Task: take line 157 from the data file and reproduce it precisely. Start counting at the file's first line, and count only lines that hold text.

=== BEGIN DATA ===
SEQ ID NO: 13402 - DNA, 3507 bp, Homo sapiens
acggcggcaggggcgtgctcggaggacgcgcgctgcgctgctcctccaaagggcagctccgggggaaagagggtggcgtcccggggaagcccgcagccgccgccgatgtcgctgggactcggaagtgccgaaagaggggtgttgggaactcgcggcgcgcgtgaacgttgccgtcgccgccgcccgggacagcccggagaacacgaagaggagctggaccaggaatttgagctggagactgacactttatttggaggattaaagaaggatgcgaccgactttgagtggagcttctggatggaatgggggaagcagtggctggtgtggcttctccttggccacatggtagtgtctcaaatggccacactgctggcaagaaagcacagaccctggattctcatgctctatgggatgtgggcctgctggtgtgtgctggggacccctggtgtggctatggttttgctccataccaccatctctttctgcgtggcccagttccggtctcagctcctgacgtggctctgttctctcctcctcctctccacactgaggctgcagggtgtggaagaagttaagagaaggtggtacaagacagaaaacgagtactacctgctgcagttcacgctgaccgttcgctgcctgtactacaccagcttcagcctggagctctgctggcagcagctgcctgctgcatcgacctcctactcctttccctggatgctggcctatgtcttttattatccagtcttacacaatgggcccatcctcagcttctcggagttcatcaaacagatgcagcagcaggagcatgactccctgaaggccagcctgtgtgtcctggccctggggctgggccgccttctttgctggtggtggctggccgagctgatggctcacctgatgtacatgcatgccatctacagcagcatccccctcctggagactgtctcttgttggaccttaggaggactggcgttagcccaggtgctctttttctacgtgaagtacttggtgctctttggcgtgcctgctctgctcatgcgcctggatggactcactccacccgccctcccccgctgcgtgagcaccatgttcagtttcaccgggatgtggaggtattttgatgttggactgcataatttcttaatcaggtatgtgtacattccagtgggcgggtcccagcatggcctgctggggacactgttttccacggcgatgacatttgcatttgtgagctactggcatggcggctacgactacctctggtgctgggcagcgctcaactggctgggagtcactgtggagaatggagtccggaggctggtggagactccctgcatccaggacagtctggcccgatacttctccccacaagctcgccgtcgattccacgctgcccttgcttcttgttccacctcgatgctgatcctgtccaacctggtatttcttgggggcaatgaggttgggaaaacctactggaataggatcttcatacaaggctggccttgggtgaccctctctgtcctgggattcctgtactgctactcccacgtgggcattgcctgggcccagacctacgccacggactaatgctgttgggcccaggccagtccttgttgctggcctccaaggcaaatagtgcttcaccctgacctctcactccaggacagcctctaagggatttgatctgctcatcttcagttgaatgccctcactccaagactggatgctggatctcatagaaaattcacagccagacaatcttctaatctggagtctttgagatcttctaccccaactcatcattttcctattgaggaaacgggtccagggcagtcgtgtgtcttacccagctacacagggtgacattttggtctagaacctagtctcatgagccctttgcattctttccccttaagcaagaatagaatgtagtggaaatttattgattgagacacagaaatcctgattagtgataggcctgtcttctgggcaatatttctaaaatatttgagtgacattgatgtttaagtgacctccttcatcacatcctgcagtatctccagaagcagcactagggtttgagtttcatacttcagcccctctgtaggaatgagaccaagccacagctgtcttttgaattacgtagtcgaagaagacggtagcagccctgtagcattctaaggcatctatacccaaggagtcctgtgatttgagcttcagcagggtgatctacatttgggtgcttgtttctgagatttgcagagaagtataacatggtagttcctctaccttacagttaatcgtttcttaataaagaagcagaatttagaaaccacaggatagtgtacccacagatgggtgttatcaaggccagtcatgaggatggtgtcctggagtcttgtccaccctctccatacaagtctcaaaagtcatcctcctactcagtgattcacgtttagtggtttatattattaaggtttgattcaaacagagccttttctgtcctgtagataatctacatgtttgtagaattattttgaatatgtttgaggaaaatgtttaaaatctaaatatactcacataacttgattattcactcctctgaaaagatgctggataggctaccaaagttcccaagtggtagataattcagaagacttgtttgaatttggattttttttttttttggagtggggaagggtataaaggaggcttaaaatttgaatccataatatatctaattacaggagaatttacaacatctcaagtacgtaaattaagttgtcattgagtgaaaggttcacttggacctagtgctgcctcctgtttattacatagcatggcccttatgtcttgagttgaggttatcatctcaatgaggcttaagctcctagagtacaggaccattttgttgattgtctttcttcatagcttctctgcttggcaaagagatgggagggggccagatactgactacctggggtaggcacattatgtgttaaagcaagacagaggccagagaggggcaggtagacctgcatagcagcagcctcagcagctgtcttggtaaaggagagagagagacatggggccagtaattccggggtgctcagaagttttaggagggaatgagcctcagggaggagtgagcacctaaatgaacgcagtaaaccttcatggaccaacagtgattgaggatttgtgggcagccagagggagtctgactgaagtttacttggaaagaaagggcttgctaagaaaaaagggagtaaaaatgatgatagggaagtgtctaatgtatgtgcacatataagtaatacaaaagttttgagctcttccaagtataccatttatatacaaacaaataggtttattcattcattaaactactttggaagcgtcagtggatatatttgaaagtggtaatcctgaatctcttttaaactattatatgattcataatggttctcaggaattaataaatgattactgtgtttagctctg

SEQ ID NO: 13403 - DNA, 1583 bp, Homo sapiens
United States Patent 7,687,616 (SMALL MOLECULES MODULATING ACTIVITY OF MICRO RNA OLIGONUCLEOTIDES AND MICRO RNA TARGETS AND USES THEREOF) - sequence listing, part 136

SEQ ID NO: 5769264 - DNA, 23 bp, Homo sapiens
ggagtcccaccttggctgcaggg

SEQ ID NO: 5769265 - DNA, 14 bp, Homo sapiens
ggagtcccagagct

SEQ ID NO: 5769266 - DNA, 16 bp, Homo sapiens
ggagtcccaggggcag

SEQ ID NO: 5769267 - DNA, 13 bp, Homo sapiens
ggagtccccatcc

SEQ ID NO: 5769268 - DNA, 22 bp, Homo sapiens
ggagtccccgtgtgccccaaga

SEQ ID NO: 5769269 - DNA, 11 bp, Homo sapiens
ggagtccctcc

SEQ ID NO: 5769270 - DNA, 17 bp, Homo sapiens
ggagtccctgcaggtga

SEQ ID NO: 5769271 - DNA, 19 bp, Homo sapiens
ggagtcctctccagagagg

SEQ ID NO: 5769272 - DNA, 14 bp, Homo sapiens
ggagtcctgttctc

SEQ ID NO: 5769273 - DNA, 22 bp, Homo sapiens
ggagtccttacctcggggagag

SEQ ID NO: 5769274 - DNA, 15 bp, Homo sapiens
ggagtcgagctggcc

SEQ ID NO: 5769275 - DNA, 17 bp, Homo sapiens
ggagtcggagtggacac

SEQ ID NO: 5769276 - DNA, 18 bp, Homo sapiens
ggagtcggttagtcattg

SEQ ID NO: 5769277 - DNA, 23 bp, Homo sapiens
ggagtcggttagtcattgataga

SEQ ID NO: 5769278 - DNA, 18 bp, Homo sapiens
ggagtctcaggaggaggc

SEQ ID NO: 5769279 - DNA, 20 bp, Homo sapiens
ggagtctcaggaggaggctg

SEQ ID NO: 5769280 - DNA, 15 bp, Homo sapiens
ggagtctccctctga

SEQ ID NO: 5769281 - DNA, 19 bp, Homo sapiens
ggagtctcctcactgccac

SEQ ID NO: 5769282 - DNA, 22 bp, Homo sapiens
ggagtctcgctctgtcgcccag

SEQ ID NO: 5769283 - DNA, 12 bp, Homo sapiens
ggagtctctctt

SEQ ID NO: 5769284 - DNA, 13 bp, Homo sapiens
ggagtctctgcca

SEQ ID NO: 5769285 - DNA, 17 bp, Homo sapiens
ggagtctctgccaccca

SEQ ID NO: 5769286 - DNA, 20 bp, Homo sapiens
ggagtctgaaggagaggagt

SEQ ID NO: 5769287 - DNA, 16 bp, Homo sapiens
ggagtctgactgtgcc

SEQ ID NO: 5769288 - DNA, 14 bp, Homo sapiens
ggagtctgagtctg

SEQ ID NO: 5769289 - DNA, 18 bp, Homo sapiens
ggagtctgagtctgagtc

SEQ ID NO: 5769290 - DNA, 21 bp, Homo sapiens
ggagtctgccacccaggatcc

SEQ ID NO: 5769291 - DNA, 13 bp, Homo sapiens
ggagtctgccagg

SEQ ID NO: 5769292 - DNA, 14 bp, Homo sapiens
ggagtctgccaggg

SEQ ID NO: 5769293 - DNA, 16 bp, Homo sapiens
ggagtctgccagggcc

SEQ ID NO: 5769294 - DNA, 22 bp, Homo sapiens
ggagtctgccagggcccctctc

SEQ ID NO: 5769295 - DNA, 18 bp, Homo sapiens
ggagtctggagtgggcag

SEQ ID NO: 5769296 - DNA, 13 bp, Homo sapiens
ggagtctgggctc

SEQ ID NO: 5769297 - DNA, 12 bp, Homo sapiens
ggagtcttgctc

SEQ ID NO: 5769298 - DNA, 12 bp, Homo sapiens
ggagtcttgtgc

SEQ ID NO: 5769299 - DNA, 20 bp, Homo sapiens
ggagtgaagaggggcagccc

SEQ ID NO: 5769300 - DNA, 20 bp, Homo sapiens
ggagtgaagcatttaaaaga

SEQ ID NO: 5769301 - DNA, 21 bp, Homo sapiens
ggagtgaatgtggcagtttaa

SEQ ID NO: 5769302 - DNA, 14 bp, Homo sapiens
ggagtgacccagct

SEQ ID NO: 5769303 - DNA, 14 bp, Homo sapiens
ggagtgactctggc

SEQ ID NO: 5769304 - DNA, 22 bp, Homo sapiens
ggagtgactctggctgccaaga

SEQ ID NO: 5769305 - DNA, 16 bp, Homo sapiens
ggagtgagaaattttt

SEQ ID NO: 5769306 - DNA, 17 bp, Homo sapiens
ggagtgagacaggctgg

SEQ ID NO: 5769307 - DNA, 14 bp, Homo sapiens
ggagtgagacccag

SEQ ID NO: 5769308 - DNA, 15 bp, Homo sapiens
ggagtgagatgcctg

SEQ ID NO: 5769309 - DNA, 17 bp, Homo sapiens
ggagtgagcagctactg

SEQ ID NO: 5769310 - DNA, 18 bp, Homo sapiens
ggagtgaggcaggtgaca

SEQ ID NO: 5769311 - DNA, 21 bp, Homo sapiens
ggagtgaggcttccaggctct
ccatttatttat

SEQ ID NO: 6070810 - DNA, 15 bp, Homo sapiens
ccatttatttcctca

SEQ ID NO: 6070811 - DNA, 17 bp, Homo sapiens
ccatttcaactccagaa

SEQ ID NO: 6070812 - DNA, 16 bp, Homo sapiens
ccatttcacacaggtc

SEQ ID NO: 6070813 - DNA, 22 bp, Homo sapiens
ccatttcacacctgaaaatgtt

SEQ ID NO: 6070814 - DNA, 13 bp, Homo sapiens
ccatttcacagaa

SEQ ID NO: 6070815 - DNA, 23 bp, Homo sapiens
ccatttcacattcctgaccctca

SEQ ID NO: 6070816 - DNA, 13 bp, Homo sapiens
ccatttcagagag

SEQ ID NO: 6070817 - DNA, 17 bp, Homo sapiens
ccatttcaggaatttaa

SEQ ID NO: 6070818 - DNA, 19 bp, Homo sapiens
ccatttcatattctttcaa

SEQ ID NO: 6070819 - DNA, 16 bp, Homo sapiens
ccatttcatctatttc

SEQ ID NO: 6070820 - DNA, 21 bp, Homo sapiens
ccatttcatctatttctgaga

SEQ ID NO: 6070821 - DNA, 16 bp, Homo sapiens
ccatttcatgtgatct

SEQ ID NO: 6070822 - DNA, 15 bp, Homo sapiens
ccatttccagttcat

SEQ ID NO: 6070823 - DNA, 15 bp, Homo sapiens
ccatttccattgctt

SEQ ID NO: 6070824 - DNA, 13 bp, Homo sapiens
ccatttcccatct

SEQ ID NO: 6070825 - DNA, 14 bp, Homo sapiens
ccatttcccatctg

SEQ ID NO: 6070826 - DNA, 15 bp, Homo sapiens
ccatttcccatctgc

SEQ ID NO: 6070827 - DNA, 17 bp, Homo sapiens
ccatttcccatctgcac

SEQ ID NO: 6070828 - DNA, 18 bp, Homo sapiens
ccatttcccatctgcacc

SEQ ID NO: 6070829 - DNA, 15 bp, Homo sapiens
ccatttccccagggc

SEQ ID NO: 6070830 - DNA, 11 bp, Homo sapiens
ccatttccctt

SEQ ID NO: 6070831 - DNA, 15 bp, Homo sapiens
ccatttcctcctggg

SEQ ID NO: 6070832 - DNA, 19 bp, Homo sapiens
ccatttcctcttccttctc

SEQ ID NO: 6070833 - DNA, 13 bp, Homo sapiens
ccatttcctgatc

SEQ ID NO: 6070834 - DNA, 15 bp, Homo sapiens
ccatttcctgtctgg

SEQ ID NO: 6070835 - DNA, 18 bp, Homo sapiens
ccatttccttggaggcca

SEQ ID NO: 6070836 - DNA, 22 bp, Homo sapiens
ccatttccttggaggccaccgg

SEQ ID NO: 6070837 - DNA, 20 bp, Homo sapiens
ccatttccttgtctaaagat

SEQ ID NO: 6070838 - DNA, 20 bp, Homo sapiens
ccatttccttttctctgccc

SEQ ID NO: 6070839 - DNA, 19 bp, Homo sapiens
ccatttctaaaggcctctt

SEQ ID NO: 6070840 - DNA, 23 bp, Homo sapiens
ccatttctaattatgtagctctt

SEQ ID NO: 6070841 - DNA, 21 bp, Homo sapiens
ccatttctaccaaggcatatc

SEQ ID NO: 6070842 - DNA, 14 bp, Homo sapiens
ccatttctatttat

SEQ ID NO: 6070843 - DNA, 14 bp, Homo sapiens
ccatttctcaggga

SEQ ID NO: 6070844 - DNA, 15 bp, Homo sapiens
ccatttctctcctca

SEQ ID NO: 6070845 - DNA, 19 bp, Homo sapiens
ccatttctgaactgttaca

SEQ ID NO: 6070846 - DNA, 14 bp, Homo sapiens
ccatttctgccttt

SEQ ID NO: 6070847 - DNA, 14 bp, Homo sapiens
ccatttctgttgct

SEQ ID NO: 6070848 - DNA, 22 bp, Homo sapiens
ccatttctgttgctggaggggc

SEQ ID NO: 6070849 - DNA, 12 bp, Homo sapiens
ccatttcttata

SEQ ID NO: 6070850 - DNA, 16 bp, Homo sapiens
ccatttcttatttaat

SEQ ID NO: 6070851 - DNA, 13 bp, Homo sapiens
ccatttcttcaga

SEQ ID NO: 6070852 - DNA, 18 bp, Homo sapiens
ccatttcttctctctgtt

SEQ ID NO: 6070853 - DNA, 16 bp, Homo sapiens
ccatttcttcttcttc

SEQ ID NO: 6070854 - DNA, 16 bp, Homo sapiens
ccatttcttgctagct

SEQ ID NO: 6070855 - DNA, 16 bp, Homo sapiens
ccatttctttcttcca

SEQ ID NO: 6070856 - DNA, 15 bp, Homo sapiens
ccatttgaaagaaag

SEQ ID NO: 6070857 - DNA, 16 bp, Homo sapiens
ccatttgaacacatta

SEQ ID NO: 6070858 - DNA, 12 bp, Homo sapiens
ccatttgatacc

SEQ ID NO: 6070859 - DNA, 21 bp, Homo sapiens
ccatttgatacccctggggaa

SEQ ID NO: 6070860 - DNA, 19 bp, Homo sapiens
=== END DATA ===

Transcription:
ccatttccttgtctaaagat